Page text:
N.  whereas on 16 August 2015 Probir Sikdar, a journalist and owner of the online newspaper Uttaradhikar Ekattor News, was arrested for allegedly defaming a government minister on Facebook; whereas on 18 August 2015 Shaukat Mahmud, President of the Bangladesh Federal Union of Journalists, was arrested for allegedly committing an arson attack on a bus on 23 January 2015 and charged in three cases in connection with the alleged attack;

O.  whereas some members of the opposition parties have disappeared under unclear circumstances in recent years;

P.  whereas the EU is opposed to the use of capital punishment in all cases and under all circumstances, and has consistently called for its universal abolition;

Q.  whereas on 21 November 2015 two senior Bangladeshi opposition leaders were executed for war crimes committed during the 1971 war of independence war with Pakistan after their last-ditch pleas for clemency were rejected;

R.  whereas on 18 November 2015 Piero Arolari, an Italian priest and doctor, was shot, while on 28 September 2015 an Italian aid worker, Cesare Tavella, and on 3 October 2015 a Japanese social worker, Hoshi Kunio, were murdered, and Islamic State militants have claimed responsibility, as they have for the bomb blasts during the Ashura procession at the main Shia Muslim shrine in Dhaka on 24 October 2015, killing one teenaged boy and wounding dozens of others;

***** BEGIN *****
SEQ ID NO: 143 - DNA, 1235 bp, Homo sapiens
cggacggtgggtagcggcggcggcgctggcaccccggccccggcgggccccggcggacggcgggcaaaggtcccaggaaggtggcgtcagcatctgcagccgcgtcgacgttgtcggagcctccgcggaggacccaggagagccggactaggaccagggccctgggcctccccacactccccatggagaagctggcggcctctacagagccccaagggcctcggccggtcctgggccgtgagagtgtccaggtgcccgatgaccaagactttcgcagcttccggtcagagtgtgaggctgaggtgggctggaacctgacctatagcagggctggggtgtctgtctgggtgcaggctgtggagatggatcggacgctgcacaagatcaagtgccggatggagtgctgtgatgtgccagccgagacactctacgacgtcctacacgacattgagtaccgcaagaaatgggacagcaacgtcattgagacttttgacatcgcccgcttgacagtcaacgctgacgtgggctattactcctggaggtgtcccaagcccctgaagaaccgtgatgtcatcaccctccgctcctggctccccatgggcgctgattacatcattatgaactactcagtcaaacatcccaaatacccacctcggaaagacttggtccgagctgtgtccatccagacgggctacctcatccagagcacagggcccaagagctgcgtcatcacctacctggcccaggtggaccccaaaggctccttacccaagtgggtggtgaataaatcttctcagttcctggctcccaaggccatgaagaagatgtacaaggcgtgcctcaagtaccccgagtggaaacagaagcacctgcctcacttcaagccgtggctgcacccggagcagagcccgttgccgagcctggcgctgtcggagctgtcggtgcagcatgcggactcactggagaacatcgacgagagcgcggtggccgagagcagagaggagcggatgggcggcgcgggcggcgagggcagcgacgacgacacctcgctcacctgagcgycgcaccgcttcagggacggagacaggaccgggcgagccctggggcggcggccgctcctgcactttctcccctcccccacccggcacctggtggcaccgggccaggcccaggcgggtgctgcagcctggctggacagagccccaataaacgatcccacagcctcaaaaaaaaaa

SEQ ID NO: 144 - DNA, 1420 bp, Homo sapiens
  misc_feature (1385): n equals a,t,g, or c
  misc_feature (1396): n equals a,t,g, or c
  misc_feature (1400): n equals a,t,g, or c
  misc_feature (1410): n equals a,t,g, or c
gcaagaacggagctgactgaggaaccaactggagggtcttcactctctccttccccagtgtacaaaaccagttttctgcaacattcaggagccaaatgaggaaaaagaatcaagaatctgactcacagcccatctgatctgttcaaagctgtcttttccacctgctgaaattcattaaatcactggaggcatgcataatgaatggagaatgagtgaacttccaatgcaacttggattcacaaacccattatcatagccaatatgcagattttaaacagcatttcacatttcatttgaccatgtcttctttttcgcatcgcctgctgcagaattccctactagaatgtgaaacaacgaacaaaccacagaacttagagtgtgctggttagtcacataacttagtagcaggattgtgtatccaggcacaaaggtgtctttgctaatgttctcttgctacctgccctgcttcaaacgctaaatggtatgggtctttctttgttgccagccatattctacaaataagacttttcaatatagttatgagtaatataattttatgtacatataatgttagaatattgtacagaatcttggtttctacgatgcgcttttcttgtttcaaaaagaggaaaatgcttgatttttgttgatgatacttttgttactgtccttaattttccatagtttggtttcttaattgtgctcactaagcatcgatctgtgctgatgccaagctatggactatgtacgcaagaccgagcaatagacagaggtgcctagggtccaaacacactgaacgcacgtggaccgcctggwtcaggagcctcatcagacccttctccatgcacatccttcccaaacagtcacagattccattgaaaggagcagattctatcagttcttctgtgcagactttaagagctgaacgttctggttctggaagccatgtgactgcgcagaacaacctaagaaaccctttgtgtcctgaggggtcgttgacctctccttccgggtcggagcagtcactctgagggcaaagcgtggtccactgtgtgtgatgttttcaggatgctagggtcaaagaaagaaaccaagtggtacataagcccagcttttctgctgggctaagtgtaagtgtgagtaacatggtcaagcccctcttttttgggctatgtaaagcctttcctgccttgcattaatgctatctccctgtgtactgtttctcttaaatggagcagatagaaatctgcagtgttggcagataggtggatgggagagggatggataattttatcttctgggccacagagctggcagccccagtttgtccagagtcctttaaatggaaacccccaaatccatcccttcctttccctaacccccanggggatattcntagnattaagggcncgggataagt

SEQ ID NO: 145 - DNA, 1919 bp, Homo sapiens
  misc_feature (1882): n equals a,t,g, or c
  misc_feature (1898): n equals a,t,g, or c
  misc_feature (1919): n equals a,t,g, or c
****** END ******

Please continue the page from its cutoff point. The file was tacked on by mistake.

S.  whereas the government has put forward the draft Foreign Donations (Voluntary Activities) Regulation Act, designed to regulate operations and funding for any group receiving foreign grants;

1.  Condemns the increasing attacks of Islamist extremists against secularist writers, bloggers, religious minorities and foreign aid workers; deplores the loss of life and offers its sincere condolences to the victims and their families;

2.  Calls on the Bangladesh authorities to further condemn the ongoing horrendous acts against freedom of expression and to act to bring an immediate end to all acts of violence, harassment, intimidation and censorship against journalists, bloggers and civil society;

3.  Expresses its deepest concern at the deteriorating climate regarding the right to freedom of expression which has accompanied the rise of religious fundamentalism, intolerance and extremist violence in Bangladesh; calls on the Bangladesh authorities to strengthen their efforts to improve the protection provided to activists and journalists by the authorities; calls on all political parties and their leaders to unequivocally and unreservedly condemn the extremist violence and to support the right to freedom of expression;

4.  Reminds the competent Bangladesh authorities of their national and international legal obligations, including their responsibility to ensure the security and safety of all citizens, irrespective of their political or religious views, and to guarantee that the freedoms of expression and the press can be exercised without arbitrary limitations and censorship in the country;

5.  Call on the Bangladesh authorities to ensure that independent investigations are carried out and explanations are given with respect to the disappearance of members of opposition parties over the last few years, particularly in the months leading up to and subsequent to the January 2014 elections;

6.  Urges the Bangladesh authorities to prevent impunity and to do everything possible to identify all attackers and bring them to justice, by launching independent, credible and transparent investigations and ensuring fair trials, without recourse to the death penalty;